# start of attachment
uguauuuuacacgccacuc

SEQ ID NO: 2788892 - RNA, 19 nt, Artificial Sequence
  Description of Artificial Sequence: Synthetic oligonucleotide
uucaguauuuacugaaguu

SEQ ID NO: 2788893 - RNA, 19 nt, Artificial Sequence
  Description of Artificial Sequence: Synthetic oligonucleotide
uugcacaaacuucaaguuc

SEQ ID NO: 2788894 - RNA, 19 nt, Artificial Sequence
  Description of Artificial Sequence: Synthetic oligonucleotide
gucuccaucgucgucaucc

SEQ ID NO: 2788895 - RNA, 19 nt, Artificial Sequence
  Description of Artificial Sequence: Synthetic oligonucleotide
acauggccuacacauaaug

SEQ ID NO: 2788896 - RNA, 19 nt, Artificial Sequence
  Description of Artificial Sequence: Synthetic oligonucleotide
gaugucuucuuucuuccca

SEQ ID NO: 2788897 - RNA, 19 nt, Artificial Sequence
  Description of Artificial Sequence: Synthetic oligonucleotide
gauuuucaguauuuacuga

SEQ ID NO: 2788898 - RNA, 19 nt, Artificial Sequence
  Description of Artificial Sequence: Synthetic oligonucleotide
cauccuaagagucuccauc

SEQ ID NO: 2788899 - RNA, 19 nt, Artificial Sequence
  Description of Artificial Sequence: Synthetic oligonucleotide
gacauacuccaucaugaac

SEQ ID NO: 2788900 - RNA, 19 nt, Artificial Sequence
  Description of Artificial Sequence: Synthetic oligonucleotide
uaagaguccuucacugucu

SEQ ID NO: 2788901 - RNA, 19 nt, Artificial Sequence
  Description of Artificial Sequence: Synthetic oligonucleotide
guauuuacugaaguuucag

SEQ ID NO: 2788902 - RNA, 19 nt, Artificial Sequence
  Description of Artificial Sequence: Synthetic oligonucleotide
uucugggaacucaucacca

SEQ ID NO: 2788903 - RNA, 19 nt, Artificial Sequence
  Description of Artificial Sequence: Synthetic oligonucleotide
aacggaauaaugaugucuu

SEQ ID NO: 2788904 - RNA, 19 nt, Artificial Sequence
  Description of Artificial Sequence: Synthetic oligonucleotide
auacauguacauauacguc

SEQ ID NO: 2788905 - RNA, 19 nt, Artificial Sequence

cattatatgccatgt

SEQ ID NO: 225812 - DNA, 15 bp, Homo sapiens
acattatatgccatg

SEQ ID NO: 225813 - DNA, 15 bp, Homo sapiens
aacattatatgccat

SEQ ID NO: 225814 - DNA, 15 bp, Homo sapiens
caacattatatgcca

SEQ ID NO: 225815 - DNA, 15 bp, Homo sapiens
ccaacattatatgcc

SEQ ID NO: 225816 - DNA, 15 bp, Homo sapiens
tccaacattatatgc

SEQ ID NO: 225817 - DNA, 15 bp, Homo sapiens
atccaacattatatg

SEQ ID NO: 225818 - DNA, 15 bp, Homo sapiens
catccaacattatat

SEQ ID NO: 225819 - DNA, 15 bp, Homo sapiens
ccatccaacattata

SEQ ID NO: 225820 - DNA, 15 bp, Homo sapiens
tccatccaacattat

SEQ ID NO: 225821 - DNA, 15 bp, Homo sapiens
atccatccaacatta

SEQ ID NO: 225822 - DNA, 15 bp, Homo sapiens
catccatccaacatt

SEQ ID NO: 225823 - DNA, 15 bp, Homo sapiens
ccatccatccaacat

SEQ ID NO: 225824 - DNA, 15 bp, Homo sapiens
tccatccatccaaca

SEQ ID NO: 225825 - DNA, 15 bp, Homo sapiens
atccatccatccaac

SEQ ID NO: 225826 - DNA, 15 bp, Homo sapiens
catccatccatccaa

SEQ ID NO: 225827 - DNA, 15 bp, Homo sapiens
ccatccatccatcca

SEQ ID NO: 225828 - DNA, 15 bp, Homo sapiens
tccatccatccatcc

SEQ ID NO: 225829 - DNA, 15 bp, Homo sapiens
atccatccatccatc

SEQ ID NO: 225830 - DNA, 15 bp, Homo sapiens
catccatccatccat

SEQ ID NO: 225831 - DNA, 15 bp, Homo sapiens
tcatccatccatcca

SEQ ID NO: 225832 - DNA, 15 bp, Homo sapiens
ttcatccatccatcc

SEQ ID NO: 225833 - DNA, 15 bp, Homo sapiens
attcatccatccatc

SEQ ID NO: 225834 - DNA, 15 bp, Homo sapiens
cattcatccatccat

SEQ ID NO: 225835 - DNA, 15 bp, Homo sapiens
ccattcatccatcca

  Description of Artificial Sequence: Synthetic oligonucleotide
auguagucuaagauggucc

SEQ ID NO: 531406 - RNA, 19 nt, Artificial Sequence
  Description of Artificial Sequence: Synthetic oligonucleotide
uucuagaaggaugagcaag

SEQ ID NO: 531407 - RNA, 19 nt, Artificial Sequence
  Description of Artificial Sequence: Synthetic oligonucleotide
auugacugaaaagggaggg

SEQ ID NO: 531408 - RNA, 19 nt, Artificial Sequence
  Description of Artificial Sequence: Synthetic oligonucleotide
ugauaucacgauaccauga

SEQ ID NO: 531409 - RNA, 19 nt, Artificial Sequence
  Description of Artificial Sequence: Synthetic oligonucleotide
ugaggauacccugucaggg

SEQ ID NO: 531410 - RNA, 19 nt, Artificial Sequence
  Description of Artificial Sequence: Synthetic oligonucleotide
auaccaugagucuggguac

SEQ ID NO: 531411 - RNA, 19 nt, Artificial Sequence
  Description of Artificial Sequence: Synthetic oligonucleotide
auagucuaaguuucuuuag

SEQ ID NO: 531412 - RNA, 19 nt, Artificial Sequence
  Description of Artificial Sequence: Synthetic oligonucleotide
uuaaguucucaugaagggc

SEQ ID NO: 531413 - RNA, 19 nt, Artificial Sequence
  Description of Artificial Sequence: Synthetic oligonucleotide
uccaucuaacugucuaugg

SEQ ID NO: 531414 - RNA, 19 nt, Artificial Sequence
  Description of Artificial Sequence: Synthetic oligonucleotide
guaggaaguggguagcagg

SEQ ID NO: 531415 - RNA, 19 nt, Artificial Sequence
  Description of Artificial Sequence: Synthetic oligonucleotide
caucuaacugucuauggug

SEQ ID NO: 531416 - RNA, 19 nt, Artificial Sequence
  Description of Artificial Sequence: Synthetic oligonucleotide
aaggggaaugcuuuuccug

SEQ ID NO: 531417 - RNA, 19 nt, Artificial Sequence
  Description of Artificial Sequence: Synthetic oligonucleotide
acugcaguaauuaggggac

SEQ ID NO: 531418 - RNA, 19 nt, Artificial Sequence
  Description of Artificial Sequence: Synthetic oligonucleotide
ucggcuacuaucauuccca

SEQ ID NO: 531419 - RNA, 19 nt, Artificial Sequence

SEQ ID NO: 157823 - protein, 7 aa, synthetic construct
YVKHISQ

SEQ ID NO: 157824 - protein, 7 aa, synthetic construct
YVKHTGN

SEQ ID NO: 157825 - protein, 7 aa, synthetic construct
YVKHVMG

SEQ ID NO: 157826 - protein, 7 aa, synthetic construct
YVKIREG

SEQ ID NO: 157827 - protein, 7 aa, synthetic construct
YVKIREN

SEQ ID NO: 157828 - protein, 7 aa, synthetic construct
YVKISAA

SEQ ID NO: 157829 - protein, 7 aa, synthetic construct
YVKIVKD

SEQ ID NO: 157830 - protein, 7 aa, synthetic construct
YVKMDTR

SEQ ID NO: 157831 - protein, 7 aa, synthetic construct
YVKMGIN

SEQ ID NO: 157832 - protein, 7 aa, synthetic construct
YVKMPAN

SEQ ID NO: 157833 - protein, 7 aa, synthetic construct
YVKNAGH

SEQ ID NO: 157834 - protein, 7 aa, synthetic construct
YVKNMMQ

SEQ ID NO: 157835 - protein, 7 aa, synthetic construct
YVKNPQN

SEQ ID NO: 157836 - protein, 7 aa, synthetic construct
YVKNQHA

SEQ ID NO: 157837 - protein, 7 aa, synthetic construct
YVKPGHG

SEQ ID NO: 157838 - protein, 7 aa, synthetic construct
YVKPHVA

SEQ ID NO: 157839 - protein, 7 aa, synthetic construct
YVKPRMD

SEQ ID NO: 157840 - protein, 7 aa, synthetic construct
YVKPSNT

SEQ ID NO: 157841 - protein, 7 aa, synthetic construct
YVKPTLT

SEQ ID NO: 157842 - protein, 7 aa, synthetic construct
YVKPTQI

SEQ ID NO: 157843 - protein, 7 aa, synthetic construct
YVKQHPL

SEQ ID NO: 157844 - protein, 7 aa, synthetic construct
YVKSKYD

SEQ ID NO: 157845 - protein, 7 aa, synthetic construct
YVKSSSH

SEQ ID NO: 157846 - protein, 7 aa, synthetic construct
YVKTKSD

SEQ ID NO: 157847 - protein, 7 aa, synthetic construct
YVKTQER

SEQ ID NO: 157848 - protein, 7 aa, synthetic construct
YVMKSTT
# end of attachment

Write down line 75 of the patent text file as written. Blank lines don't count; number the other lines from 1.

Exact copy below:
SEQ ID NO: 225828 - DNA, 15 bp, Homo sapiens